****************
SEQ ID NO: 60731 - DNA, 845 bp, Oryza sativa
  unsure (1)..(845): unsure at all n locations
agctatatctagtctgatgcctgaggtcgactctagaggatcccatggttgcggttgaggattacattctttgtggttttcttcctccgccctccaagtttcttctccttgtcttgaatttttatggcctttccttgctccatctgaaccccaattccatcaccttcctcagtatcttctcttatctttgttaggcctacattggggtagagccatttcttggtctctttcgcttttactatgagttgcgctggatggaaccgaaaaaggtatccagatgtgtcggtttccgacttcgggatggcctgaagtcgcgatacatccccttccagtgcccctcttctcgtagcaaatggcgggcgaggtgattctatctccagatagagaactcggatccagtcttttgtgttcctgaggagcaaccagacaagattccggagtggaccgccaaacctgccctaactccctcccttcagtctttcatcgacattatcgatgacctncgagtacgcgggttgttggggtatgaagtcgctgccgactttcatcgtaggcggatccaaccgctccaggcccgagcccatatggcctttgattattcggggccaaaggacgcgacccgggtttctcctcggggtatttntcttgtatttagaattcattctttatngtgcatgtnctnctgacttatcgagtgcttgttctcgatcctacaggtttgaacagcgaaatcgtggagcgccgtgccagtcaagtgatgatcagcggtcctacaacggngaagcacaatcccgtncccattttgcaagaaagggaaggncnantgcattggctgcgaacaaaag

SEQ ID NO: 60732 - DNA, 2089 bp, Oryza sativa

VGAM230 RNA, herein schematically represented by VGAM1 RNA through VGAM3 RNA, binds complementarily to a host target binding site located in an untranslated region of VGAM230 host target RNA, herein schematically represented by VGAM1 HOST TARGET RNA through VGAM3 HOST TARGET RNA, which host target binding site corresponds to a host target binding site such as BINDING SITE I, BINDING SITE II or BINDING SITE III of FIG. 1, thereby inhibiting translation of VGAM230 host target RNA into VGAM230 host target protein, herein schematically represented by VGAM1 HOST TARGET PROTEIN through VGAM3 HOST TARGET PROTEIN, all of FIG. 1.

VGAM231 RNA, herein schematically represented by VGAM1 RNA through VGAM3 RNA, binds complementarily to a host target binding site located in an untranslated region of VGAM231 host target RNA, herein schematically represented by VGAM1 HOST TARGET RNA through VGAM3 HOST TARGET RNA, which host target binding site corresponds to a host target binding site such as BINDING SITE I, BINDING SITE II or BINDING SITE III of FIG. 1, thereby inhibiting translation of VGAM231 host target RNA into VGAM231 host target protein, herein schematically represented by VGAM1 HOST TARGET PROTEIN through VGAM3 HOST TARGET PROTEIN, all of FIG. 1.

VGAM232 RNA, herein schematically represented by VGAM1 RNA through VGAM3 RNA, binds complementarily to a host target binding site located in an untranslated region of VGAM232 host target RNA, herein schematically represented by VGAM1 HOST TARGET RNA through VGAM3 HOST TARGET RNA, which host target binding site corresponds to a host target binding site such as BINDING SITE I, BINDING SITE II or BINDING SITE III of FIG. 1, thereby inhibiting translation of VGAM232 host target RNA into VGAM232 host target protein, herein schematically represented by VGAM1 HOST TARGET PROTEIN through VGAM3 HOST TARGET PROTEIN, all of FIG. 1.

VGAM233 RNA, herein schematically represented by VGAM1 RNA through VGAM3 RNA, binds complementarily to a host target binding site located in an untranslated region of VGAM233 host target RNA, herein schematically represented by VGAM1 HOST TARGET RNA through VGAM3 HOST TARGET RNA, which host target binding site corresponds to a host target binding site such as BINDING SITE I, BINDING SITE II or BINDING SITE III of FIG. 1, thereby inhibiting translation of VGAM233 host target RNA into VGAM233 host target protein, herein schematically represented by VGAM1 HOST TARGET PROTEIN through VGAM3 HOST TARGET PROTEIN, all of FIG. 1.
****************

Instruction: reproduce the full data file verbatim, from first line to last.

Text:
SEQ ID NO: 60731 - DNA, 845 bp, Oryza sativa
  unsure (1)..(845): unsure at all n locations
agctatatctagtctgatgcctgaggtcgactctagaggatcccatggttgcggttgaggattacattctttgtggttttcttcctccgccctccaagtttcttctccttgtcttgaatttttatggcctttccttgctccatctgaaccccaattccatcaccttcctcagtatcttctcttatctttgttaggcctacattggggtagagccatttcttggtctctttcgcttttactatgagttgcgctggatggaaccgaaaaaggtatccagatgtgtcggtttccgacttcgggatggcctgaagtcgcgatacatccccttccagtgcccctcttctcgtagcaaatggcgggcgaggtgattctatctccagatagagaactcggatccagtcttttgtgttcctgaggagcaaccagacaagattccggagtggaccgccaaacctgccctaactccctcccttcagtctttcatcgacattatcgatgacctncgagtacgcgggttgttggggtatgaagtcgctgccgactttcatcgtaggcggatccaaccgctccaggcccgagcccatatggcctttgattattcggggccaaaggacgcgacccgggtttctcctcggggtatttntcttgtatttagaattcattctttatngtgcatgtnctnctgacttatcgagtgcttgttctcgatcctacaggtttgaacagcgaaatcgtggagcgccgtgccagtcaagtgatgatcagcggtcctacaacggngaagcacaatcccgtncccattttgcaagaaagggaaggncnantgcattggctgcgaacaaaag

SEQ ID NO: 60732 - DNA, 2089 bp, Oryza sativa

VGAM230 RNA, herein schematically represented by VGAM1 RNA through VGAM3 RNA, binds complementarily to a host target binding site located in an untranslated region of VGAM230 host target RNA, herein schematically represented by VGAM1 HOST TARGET RNA through VGAM3 HOST TARGET RNA, which host target binding site corresponds to a host target binding site such as BINDING SITE I, BINDING SITE II or BINDING SITE III of FIG. 1, thereby inhibiting translation of VGAM230 host target RNA into VGAM230 host target protein, herein schematically represented by VGAM1 HOST TARGET PROTEIN through VGAM3 HOST TARGET PROTEIN, all of FIG. 1.

VGAM231 RNA, herein schematically represented by VGAM1 RNA through VGAM3 RNA, binds complementarily to a host target binding site located in an untranslated region of VGAM231 host target RNA, herein schematically represented by VGAM1 HOST TARGET RNA through VGAM3 HOST TARGET RNA, which host target binding site corresponds to a host target binding site such as BINDING SITE I, BINDING SITE II or BINDING SITE III of FIG. 1, thereby inhibiting translation of VGAM231 host target RNA into VGAM231 host target protein, herein schematically represented by VGAM1 HOST TARGET PROTEIN through VGAM3 HOST TARGET PROTEIN, all of FIG. 1.

VGAM232 RNA, herein schematically represented by VGAM1 RNA through VGAM3 RNA, binds complementarily to a host target binding site located in an untranslated region of VGAM232 host target RNA, herein schematically represented by VGAM1 HOST TARGET RNA through VGAM3 HOST TARGET RNA, which host target binding site corresponds to a host target binding site such as BINDING SITE I, BINDING SITE II or BINDING SITE III of FIG. 1, thereby inhibiting translation of VGAM232 host target RNA into VGAM232 host target protein, herein schematically represented by VGAM1 HOST TARGET PROTEIN through VGAM3 HOST TARGET PROTEIN, all of FIG. 1.

VGAM233 RNA, herein schematically represented by VGAM1 RNA through VGAM3 RNA, binds complementarily to a host target binding site located in an untranslated region of VGAM233 host target RNA, herein schematically represented by VGAM1 HOST TARGET RNA through VGAM3 HOST TARGET RNA, which host target binding site corresponds to a host target binding site such as BINDING SITE I, BINDING SITE II or BINDING SITE III of FIG. 1, thereby inhibiting translation of VGAM233 host target RNA into VGAM233 host target protein, herein schematically represented by VGAM1 HOST TARGET PROTEIN through VGAM3 HOST TARGET PROTEIN, all of FIG. 1.